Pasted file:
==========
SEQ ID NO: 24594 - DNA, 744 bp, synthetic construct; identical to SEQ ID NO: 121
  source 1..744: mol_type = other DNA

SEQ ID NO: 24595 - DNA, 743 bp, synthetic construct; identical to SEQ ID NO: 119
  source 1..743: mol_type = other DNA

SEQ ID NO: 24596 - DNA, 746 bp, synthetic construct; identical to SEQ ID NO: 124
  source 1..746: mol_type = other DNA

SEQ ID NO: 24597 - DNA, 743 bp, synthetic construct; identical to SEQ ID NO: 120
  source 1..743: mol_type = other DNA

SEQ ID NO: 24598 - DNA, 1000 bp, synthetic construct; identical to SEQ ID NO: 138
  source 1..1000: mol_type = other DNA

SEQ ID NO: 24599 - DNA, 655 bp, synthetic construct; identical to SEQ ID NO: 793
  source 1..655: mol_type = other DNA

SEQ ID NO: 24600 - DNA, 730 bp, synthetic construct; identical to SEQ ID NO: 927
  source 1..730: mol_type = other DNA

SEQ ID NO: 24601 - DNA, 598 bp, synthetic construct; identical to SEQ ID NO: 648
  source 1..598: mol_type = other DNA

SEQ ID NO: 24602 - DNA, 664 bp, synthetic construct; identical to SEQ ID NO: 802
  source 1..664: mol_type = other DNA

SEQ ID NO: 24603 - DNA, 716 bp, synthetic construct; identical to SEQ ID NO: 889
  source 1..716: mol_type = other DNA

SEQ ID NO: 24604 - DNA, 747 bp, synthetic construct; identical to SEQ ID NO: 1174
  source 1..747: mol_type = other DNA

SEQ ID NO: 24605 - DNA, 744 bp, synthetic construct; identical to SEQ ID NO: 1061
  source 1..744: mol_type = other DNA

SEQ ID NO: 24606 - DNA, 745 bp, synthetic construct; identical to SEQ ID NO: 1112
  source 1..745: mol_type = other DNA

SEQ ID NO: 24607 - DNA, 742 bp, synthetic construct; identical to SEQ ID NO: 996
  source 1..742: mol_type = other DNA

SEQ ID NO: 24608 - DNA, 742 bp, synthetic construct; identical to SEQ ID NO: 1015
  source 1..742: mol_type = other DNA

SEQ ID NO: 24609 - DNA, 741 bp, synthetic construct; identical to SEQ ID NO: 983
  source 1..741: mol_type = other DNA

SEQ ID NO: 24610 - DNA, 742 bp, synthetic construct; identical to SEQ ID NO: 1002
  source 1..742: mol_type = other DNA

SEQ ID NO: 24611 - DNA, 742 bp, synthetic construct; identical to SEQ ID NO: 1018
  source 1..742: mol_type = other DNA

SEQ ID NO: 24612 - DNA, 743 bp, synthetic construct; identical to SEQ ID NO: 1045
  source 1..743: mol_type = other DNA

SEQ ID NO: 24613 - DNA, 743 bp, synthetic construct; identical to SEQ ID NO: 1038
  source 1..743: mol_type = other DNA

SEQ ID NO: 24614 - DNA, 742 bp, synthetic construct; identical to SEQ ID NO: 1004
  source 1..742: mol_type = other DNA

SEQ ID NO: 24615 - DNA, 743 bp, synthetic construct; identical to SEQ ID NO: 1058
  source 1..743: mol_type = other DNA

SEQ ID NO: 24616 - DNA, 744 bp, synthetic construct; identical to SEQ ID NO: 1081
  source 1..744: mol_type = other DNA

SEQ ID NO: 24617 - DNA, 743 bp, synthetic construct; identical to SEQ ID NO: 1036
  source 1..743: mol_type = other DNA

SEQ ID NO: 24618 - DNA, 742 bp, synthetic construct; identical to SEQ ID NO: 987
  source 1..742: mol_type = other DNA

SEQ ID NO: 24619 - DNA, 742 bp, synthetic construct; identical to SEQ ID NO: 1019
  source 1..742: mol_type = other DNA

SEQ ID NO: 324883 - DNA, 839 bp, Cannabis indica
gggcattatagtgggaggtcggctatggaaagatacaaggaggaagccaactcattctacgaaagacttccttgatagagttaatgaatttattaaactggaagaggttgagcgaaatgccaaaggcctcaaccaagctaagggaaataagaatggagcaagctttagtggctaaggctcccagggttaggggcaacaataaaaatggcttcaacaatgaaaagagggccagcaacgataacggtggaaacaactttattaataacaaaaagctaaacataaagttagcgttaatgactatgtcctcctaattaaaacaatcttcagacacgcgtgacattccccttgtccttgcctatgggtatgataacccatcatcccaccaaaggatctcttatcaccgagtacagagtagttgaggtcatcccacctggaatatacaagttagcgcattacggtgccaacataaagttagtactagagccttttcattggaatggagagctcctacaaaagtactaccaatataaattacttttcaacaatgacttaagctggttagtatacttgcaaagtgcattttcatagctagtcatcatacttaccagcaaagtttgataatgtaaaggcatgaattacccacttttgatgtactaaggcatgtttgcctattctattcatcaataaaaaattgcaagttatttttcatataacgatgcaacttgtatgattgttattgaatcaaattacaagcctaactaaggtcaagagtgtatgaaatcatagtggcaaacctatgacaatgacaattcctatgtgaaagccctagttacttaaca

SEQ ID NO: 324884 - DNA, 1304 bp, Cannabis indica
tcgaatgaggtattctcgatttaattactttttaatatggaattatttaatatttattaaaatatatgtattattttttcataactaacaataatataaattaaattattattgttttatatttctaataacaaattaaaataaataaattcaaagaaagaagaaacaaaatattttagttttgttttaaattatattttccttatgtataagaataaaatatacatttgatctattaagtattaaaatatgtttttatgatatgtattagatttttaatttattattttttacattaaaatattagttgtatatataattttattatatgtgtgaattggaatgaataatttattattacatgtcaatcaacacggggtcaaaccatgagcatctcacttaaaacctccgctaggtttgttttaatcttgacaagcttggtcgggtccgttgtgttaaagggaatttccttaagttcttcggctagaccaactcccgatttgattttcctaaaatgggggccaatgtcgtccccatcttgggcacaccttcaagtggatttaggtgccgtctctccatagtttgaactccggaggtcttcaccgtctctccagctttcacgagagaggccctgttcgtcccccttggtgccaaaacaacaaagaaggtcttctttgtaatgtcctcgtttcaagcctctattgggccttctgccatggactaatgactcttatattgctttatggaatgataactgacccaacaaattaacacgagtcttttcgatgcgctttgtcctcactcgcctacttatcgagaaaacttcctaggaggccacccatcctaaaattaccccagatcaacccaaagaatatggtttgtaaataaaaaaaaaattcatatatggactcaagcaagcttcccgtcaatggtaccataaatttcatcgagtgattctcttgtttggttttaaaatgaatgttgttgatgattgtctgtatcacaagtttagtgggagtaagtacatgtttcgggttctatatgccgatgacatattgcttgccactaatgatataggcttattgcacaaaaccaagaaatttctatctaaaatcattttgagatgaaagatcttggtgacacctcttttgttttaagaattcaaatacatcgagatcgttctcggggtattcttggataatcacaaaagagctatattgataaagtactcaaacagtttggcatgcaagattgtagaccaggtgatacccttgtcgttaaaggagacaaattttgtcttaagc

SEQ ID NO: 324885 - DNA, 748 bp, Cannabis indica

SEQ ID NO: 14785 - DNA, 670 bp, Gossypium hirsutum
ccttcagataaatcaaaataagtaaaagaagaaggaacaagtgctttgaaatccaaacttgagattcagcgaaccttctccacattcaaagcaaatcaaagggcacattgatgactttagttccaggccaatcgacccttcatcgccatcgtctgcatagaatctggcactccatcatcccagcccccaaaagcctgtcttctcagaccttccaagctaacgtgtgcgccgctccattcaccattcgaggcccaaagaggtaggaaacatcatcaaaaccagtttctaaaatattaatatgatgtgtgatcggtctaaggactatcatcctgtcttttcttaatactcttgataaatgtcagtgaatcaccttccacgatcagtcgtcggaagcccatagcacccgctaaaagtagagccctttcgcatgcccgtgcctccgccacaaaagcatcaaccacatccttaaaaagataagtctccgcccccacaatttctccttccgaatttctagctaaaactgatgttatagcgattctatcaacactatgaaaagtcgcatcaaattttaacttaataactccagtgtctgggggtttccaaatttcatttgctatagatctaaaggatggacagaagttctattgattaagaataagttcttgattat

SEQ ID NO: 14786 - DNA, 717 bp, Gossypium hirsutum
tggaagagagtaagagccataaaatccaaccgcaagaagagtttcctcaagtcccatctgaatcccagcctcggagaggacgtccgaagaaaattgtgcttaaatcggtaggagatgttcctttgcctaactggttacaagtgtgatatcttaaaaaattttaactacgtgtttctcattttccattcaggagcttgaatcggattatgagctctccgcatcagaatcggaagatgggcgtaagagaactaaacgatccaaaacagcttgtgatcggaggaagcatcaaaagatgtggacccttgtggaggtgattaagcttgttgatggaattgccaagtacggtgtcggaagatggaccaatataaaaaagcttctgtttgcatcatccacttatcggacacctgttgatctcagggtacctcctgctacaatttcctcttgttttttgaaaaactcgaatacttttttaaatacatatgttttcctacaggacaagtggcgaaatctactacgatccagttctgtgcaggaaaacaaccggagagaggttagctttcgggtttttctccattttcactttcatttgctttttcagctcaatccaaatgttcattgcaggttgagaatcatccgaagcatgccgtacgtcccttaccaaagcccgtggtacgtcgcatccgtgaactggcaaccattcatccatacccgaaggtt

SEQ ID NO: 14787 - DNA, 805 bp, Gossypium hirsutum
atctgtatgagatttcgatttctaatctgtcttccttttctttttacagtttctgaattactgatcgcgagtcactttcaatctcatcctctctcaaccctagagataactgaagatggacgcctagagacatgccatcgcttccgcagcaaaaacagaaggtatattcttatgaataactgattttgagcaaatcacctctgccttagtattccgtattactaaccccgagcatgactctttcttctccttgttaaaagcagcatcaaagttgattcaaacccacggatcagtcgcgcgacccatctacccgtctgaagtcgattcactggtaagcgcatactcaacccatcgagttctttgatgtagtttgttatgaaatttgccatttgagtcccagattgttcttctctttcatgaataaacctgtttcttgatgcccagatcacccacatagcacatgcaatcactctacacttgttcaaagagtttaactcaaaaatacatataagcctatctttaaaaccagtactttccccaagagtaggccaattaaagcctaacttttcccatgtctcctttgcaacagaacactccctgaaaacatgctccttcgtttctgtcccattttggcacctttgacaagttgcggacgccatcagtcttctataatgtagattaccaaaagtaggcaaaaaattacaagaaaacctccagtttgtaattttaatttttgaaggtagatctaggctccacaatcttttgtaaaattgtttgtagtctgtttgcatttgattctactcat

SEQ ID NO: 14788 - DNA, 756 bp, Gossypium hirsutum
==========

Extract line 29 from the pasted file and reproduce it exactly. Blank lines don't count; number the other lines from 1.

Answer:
SEQ ID NO: 24608 - DNA, 742 bp, synthetic construct; identical to SEQ ID NO: 1015